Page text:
For months, Kathy Ashton's fiance, a Fairfax County police officer, tried to persuade her to learn to shoot his .38-caliber revolver for self-defense.

At first, Ashton, a 26-year-old computer programmer for the Securities and Exchange Commission, balked. But, the more she thought about the nights she would spend alone when her future husband was working, the more she concluded it might be a good idea.

Last week, Ashton took a three-hour, $25 course at a Lorton range, where she fired .22-caliber and .38-caliber revolvers, joining the ranks of homeowners nationwide who are learning to shoot handguns.

National Rifle Association spokesman Andy Kendzie said 60,000 people across the country have taken NRA gun familiarization courses since the group began offering them three years ago. About 60 percent of those taking the courses are women. "In the last year, many, many classes have had 100 percent women," he said.

Virginia and local officials say there is no record of the number of handguns in the state because gun registration is not required, except for fully automatic weapons such as machine guns. But the NRA says 40 to 50 percent of U.S. households have guns and that in one of every four homes there is a handgun.

At the Gilbert Small Arms Range in Lorton, one of three public ranges in the immediate area, an increasing number of "regular homeowners" are learning to shoot handguns, said Frederick L. Williams, president of Gilbert Security Service Inc., which operates the range. About 25 to 30 percent of people who sign up for his Monday night gun familiarization classes have never before held or fired a gun, Williams said.

The shooters are grandparents as well as children as young as 9 or 10. There are usually more women than men, probably because they are more likely to admit they do not know about guns, said range officials. The four persons in Ashton's class are women.

One of them, Catherine LaTour, 37, a management analyst for the Department of the Army, took the course to learn more about her husband's automatic pistol, and how to keep it safely away from the couple's 2-year-old son.

"Also, I've always been scared about somebody breaking into the house," she said.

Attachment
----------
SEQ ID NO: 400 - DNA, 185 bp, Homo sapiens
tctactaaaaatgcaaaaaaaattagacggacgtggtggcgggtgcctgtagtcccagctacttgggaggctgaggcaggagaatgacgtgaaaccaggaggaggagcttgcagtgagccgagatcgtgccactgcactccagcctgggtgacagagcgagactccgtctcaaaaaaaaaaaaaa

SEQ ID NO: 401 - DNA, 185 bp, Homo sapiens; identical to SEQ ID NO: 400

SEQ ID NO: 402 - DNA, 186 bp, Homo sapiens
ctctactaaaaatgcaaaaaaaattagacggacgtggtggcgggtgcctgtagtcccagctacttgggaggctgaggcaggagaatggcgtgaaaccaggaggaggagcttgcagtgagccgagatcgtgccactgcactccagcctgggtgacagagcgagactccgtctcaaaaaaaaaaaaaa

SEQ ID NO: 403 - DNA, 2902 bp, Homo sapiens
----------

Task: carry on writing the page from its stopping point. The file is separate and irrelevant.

LaTour was so enthusiastic after an hour of firing .38s and .45s that she now dreams of someday becoming an expert shot.

"I was just so wound up when I got home," she said. "I stayed up until 11:30 telling my husband all about it. I just really enjoyed it."

Maryland Small Arms Range in Forestville offers basic self-defense pistol classes to the public every Wednesday. Manager John Pepper says the classes are limited to three or four people and that about 60 percent of his students are women.

The third range is the Small Arms Range in Annandale. It offers classes only to police, but the public can shoot there.

Local gun experts say it is a good idea for new gun owners, or those with rusty skills, to take any of the area's gun safety and familiarization courses, such as those offered by a range like Gilbert Small Arms or the NRA.

They disagree, however, about whether owning a handgun for self-protection is smart. Brian Moe, training director for Gilbert Security Service Inc., cautions against handguns for homeowners who, unlike LaTour and Ashton, are not interested in practicing.

If the average homeowner insists on having a gun, Moe recommends a shotgun instead. It's more cumbersome but deadly at short range. "The shot pattern is big enough to cover the hallway in most homes," but the pellets are less likely to travel through walls and furniture, he said.

Moe, a former captain with the Fairfax County Sheriff's Department, also says the mere appearance of an unloaded shotgun or the "ker-chunk" noise of cocking such a gun would be "extremely intimidating" to an intruder.

He warned strongly against keeping loaded guns around the house, even if stored on a top shelf. "Kids are curious about everything," Moe said. "They'll say, 'What is it that my parents have up in that closet that they don't want me to see?' "

Fairfax prosecutor Robert F. Horan Jr. questioned why anybody would want to own a gun for self-defense in Fairfax County, "which has to be one of the lowest crime counties in the United States."

"In most instances," said David Russell, a Fairfax County police spokesman, "you wind up shooting either a family member, the paper boy or you become a victim yourself simply because you're not prepared for the confrontation.

"You have on your mind a scenario that will probably never occur because things just don't happen the way you think they will, the way you envision it on TV or something."

Mark Shulimson, a spokesman for The National Coalition to Ban Handguns, says he has no objection to controlled range shooting. "But we feel the handgun is not an acceptable self-defense weapon," he added.

According to coalition figures, handguns are responsible for 22,000 deaths a year. In 1983, the group said, 12,000 of the deaths were suicides, more than 9,000 were homicides, and an estimated 1,000 were accidents.